Now is the Time. Memphis is the Place.

Ways to Support Human Trafficking Survivors in Memphis

Cover art by Melody Dobbins

National Human Trafficking Awareness Day has been observed annually on January 11th since 2011 to help raise public awareness about victims of forced labor, including forced prostitution, and how to recognize the signs of trafficking.

Tennessee is highly rated in its response to human trafficking cases and has what is considered to be some of the most progressive anti-trafficking legislation in the country. Still, after the tracking and prosecution of perpetrators, victims, many of whom are minors, are left to rebuild their lives with little to no recourse against the people who have exploited them.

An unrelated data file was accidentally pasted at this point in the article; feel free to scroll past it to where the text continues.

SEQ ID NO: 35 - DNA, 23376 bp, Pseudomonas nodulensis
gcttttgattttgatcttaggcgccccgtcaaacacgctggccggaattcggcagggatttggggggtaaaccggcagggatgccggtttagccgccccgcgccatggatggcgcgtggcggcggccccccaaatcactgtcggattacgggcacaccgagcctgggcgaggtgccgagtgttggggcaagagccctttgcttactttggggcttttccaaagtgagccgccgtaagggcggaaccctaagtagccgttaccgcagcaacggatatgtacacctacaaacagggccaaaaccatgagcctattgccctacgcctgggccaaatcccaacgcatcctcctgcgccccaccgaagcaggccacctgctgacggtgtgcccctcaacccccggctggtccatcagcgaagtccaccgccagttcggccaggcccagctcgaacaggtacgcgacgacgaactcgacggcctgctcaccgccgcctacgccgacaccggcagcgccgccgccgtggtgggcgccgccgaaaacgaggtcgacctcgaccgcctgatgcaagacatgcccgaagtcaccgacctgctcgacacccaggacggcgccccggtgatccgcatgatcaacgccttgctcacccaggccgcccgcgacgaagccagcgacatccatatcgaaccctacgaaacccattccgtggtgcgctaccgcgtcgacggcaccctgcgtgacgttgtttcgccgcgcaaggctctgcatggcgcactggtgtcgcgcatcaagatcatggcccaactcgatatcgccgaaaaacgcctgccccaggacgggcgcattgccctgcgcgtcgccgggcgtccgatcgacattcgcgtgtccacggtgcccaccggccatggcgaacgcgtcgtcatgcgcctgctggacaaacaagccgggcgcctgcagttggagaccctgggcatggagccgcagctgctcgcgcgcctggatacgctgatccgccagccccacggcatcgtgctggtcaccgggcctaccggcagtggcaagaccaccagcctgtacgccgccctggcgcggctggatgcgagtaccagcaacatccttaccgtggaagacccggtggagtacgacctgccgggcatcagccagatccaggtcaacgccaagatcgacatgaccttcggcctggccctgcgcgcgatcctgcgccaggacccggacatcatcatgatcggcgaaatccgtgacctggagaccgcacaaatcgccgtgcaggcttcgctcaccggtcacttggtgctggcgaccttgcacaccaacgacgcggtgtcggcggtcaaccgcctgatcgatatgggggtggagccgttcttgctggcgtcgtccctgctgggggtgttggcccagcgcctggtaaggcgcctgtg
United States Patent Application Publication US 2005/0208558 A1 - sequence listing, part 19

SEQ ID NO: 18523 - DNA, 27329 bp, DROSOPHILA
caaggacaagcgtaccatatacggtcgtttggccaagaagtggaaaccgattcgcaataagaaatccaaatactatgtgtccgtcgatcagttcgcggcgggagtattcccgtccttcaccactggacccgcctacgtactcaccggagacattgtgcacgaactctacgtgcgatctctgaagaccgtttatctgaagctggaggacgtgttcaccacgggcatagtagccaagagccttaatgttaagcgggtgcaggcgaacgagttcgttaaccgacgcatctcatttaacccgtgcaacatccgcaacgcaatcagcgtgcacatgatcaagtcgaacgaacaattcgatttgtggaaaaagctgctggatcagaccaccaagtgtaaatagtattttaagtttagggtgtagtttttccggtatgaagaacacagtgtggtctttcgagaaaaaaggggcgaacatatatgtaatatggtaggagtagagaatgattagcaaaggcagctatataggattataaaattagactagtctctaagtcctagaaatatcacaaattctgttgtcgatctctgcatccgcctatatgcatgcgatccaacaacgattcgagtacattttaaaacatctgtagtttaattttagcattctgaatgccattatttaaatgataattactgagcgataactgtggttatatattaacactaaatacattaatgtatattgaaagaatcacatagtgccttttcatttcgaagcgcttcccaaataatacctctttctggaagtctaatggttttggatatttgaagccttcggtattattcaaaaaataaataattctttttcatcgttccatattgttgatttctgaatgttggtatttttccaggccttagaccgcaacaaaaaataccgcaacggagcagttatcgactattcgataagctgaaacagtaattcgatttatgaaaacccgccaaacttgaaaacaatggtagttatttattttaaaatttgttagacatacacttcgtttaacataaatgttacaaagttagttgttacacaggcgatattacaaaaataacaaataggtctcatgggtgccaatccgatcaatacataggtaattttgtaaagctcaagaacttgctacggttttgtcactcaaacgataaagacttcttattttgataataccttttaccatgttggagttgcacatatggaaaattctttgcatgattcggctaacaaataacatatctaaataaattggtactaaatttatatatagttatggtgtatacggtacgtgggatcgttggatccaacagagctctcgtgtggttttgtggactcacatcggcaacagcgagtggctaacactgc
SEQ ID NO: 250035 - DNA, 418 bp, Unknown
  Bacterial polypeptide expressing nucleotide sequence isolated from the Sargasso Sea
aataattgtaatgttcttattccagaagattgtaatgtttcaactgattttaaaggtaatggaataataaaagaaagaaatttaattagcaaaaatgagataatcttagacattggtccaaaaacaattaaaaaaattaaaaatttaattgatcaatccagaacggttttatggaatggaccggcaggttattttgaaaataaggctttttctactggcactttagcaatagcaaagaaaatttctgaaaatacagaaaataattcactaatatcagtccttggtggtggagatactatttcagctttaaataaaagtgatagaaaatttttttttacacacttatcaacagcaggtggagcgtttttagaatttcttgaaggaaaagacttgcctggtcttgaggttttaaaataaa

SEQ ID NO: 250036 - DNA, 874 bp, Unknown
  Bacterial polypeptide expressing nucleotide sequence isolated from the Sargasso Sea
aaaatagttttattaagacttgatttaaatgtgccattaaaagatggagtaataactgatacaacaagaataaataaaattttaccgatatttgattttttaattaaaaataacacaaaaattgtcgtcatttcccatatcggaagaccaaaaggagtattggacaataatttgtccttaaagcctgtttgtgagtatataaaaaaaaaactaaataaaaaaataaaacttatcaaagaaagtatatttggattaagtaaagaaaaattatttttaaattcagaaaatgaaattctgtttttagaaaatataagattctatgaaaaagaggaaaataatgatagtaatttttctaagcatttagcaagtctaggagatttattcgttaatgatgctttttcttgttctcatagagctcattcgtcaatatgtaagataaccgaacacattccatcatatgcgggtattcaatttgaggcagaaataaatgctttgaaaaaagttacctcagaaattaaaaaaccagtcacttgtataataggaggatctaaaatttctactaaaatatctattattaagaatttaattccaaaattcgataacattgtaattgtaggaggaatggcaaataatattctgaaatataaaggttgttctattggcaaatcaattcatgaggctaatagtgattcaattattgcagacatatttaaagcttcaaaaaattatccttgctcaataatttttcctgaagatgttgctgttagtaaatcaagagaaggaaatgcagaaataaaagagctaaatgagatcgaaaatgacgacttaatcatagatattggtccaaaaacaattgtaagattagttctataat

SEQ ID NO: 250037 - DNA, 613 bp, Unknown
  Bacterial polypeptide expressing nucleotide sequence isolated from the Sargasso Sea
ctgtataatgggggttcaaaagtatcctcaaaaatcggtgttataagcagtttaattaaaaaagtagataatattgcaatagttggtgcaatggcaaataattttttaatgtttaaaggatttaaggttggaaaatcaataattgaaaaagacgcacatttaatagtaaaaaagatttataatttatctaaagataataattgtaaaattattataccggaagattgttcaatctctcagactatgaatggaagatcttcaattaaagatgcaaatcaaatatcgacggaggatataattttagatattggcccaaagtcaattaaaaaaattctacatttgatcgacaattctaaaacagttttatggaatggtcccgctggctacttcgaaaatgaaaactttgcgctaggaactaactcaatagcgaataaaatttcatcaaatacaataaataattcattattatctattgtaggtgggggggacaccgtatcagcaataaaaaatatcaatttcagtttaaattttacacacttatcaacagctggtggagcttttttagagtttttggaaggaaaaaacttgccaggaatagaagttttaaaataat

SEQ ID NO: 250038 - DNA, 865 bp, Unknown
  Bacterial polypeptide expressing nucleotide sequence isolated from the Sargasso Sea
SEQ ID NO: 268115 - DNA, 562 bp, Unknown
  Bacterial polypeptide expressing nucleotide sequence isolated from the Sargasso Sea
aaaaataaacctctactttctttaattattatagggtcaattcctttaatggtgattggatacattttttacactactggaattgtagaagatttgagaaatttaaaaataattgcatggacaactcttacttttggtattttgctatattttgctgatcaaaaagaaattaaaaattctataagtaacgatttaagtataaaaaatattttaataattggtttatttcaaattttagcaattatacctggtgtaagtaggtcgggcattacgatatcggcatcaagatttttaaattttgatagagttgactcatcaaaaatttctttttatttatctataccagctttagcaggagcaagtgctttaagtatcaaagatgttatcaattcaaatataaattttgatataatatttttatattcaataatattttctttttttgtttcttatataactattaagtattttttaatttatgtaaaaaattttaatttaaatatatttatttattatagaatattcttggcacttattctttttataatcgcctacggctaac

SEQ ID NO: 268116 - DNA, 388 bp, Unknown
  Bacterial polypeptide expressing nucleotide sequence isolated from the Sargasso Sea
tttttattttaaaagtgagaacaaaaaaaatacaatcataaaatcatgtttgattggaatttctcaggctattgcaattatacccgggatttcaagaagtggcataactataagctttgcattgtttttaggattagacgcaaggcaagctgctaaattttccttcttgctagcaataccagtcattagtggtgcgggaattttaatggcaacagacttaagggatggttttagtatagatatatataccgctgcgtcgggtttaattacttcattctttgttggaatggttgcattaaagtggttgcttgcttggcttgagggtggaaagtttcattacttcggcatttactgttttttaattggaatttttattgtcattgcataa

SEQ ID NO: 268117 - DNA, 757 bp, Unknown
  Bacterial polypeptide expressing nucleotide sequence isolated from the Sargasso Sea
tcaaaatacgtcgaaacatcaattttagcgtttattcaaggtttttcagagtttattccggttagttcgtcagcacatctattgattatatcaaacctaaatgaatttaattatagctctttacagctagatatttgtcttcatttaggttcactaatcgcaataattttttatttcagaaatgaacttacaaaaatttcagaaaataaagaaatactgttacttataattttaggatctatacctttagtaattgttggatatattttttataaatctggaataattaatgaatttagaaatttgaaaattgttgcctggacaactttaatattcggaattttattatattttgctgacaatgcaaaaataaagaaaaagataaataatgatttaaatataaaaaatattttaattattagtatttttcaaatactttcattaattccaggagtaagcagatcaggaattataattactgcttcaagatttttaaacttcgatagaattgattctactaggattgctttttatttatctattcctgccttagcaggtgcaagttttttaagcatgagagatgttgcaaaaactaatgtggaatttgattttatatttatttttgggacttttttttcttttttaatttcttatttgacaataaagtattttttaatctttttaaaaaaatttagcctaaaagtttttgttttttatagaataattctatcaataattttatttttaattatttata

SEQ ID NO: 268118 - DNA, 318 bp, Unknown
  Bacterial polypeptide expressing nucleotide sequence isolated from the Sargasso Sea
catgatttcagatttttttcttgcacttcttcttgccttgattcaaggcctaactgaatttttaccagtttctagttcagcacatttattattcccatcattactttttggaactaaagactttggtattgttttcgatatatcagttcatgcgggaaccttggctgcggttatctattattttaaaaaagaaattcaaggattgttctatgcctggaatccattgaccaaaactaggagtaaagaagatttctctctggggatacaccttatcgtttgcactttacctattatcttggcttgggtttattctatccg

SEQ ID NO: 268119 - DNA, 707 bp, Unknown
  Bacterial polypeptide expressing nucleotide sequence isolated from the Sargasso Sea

Locally, there are several resources to help empower survivors of trafficking and you can get involved by volunteering or donating.

We often don’t look at an issue because it scares us, and I think what is so scary is that we will see an element of ourselves…and then what? We have no choice but to have empathy and help. — Julia Hinson

For more background on human trafficking in Memphis, check out this interview with playwright Julia Hinson and Project I Collaborative Arts founder Aliza Moran about their recent project addressing the complexities of trafficking, Squaring Up.

If you suspect that someone is a sex trafficking victim, call the TN Trafficking Hotline at 1-855-55-TNHTH or report to

If you know of additional resources that should be listed here, please share in the comments.